A five-member committee constituted by the Ministry of Home Affairs under Amit Shah is looking at a sweeping overhaul of criminal laws — ranging from criminalising marital rape, making sexual offences gender-neutral to legalising euthanasia and revisiting sedition.
Many of the committee’s questions seek to harmonise the laws with judgments of the Supreme Court on issues such as euthanasia and sexual intercourse of man and his minor wife. In 2017, the SC in a landmark ruling had said that although marital rape is not a criminal offence, sexual intercourse of a man with his minor wife will be considered rape.
In a separate category on sexual offences, the committee has asked,
In the light of contemporary discourse on sexual and reproductive rights of women, can the offence of causing miscarriage can be decriminalised.
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The committee also sought to discuss the big question involved in rape cases: of defining consent. Although courts have settled the law on the consent of a woman in rape cases, it is an issue that is often debated. The committee asked,
What should be the standard of consent under Section 375 of the IPC?
With regards to criminalising Marital Rape, as a system, we shall be arming the women with yet another gender biased law where literally the word of the woman shall stand as final. In 2015, with the debate around criminalising Marital Rape coming to the fore, supreme court lawyer and media panelist, Sanjay Hegde said,
If marital rape is brought under the ambit of law, then you are inviting the police and law into the bedroom. Every time a man is thinking of having sex, he will think whether this is consensual or not. When a husband uses sexual violence against a separated wife, then it would be rape. But if it’s a long marriage and there are children, then there are other factors to look at.
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In our opinion, there can never be a definite Yes or a No by the woman before getting physical and there could be a possibility of a woman waking up next morning and believing she had been ‘raped’ by her husband. Of course one cannot and must not overlook the misuse of this law because it will be next to impossible for a man to prove his innocence.
Currently Section 498A is the most grossly abused law — also conceded by Supreme Court — however, the charges under this section referring to dowry harassment and violence on women are still tangible to some extent. What options will a husband have to defend himself if a wife falsely accuses him of marital rape?
The best arguments in every case is ‘misuse is rampant for every law’ and thus that cannot be the sole reason not to bring the same into force. However, today when several unmarried/married women are dragging men to court charging them with ‘rape on pretext of marriage’, the marital rape law will be yet another tool where husbands will be held to ransom to bow down to every single demand of the wife, else face the law under false charges.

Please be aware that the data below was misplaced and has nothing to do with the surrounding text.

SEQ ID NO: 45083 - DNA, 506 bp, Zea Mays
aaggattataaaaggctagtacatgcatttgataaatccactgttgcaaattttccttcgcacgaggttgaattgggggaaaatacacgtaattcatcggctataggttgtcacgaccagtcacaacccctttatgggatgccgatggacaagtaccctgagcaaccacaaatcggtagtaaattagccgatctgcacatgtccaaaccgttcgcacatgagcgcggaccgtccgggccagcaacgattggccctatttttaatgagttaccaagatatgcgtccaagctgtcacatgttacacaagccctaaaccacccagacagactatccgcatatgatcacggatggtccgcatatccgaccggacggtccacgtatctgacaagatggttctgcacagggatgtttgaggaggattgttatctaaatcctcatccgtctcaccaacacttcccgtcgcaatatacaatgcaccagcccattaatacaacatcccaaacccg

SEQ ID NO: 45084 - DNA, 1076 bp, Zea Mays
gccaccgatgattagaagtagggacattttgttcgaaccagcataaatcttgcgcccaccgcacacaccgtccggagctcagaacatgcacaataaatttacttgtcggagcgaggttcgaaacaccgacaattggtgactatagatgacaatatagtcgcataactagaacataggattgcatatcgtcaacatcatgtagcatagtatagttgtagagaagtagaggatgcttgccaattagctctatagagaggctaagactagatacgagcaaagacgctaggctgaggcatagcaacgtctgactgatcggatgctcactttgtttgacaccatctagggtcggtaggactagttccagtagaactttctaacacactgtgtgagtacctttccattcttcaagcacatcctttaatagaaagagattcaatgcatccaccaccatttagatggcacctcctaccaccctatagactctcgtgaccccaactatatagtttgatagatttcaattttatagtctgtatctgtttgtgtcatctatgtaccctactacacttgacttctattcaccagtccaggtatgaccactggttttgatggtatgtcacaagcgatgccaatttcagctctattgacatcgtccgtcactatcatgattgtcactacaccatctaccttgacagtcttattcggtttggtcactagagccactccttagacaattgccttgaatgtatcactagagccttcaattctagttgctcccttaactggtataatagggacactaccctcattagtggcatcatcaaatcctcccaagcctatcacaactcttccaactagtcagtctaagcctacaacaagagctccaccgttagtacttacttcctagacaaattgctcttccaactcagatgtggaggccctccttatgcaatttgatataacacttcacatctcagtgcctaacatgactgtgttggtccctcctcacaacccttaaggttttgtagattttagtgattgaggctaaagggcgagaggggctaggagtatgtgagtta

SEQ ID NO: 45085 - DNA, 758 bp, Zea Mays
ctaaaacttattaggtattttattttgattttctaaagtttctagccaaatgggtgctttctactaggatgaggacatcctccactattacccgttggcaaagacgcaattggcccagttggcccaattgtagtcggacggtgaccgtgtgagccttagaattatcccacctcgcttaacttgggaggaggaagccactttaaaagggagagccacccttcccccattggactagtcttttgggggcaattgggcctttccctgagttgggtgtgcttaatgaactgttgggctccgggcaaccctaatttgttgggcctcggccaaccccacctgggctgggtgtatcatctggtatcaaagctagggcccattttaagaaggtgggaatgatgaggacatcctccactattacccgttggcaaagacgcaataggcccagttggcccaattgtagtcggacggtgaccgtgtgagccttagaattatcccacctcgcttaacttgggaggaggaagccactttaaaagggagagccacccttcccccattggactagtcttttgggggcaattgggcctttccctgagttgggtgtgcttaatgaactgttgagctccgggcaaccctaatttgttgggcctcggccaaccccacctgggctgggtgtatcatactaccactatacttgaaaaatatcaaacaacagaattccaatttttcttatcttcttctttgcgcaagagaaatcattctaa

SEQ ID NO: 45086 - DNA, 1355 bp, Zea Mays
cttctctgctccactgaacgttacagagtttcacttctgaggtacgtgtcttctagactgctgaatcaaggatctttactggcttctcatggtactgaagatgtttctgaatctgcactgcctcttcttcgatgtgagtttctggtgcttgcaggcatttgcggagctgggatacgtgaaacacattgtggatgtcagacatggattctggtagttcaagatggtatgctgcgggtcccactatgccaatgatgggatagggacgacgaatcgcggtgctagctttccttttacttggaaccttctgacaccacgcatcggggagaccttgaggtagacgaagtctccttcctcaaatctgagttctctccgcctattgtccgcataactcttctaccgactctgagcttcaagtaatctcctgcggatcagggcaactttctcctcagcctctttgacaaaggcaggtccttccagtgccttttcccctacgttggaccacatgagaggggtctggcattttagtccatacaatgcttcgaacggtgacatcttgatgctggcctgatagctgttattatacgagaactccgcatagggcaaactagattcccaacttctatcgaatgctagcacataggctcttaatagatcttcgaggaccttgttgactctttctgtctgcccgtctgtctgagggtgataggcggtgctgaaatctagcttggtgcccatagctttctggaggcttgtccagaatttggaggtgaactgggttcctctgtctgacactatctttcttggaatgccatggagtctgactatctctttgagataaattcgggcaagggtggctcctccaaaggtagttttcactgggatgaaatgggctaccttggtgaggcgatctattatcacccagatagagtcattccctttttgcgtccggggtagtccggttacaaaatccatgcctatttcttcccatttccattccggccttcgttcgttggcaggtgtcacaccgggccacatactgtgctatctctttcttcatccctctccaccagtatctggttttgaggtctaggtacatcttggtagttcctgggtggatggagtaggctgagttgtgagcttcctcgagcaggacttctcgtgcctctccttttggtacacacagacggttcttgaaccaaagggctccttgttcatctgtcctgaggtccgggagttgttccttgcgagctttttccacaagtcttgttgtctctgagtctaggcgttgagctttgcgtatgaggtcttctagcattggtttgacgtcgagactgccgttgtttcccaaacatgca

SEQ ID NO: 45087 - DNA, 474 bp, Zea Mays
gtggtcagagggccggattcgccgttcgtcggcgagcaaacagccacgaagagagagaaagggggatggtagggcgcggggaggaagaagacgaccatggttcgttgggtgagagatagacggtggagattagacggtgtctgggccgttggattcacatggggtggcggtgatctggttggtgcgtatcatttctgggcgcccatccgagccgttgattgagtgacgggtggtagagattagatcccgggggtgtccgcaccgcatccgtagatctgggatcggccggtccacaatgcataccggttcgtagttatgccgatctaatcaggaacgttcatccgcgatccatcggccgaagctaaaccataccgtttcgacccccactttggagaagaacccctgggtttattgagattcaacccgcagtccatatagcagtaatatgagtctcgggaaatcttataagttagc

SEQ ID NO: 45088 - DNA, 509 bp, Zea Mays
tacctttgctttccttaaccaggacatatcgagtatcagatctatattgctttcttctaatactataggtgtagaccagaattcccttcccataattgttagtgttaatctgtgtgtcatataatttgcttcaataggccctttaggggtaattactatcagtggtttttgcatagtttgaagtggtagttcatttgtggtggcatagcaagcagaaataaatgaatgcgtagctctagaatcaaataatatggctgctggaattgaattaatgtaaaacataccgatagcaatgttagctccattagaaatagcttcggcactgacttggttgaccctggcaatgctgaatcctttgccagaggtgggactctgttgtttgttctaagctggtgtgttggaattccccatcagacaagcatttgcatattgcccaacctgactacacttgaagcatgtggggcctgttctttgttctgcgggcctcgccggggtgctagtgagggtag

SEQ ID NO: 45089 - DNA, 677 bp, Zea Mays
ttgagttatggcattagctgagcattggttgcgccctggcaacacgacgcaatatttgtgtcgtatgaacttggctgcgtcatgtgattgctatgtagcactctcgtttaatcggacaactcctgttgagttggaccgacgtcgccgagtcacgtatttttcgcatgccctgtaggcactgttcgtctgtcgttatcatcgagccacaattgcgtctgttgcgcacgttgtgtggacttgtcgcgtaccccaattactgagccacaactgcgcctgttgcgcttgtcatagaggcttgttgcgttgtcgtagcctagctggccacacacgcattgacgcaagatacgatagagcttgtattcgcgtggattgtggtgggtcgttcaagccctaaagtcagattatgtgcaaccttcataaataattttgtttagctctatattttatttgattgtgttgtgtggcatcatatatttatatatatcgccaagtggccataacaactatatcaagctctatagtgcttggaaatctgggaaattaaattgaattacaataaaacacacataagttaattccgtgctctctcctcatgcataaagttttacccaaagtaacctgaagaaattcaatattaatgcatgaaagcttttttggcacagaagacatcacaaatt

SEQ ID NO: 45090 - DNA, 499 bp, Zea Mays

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With regards to justice for women who do genuinely undergo marital rape, Section 498A and Domestic Violence Act 2005 are relevant sections under which the same can be covered and the women can subsequently get justice. However, adding one more gender biased law will be the final nail in the coffin for every husband and his family in India — especially in a country where there is absolutely no punishment for wives to file false cases and get away without conviction.
Lastly, whether marital rape law will be gender neutral if it comes into force, is also a question that remains unanswered as of now.
Other Discussions By The Committee
The committee, constituted on May 5, is also considering the introduction of special laws to counter violent incidents that have dominated social and political discourse including mob-lynching and “honour killing.”
In December 2019, Union Home Minister Amit Shah had informed Parliament that the government was looking at necessary amendments in IPC and CrPC to deal with issues related to mob lynching, as members of Parliament called for a separate law to curb it.
The Ranbir Singh (Vice-Chancellor of National Law University, Delhi) committee has sought suggestions on whether there is a need to alter the minimum age of criminal responsibility to commit an offence. In 2015, the law was amended to treat a juvenile above the age of 16 years as an adult for heinous crimes and be punished with life imprisonment or death.
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On revising punishment for various offences, the committee asked if “additional types of punishment — based on objectives of deterrence, rehabilitation, restoration etc — be inserted” in the Indian Penal Code. It did not, however, specify what additional types of punishment are being considered.
The IPC prescribes fines, imprisonment, forfeiture of property and the death penalty. In another question on punishment, the committee asked if there are any offences for which the quantum of punishment must be revised.
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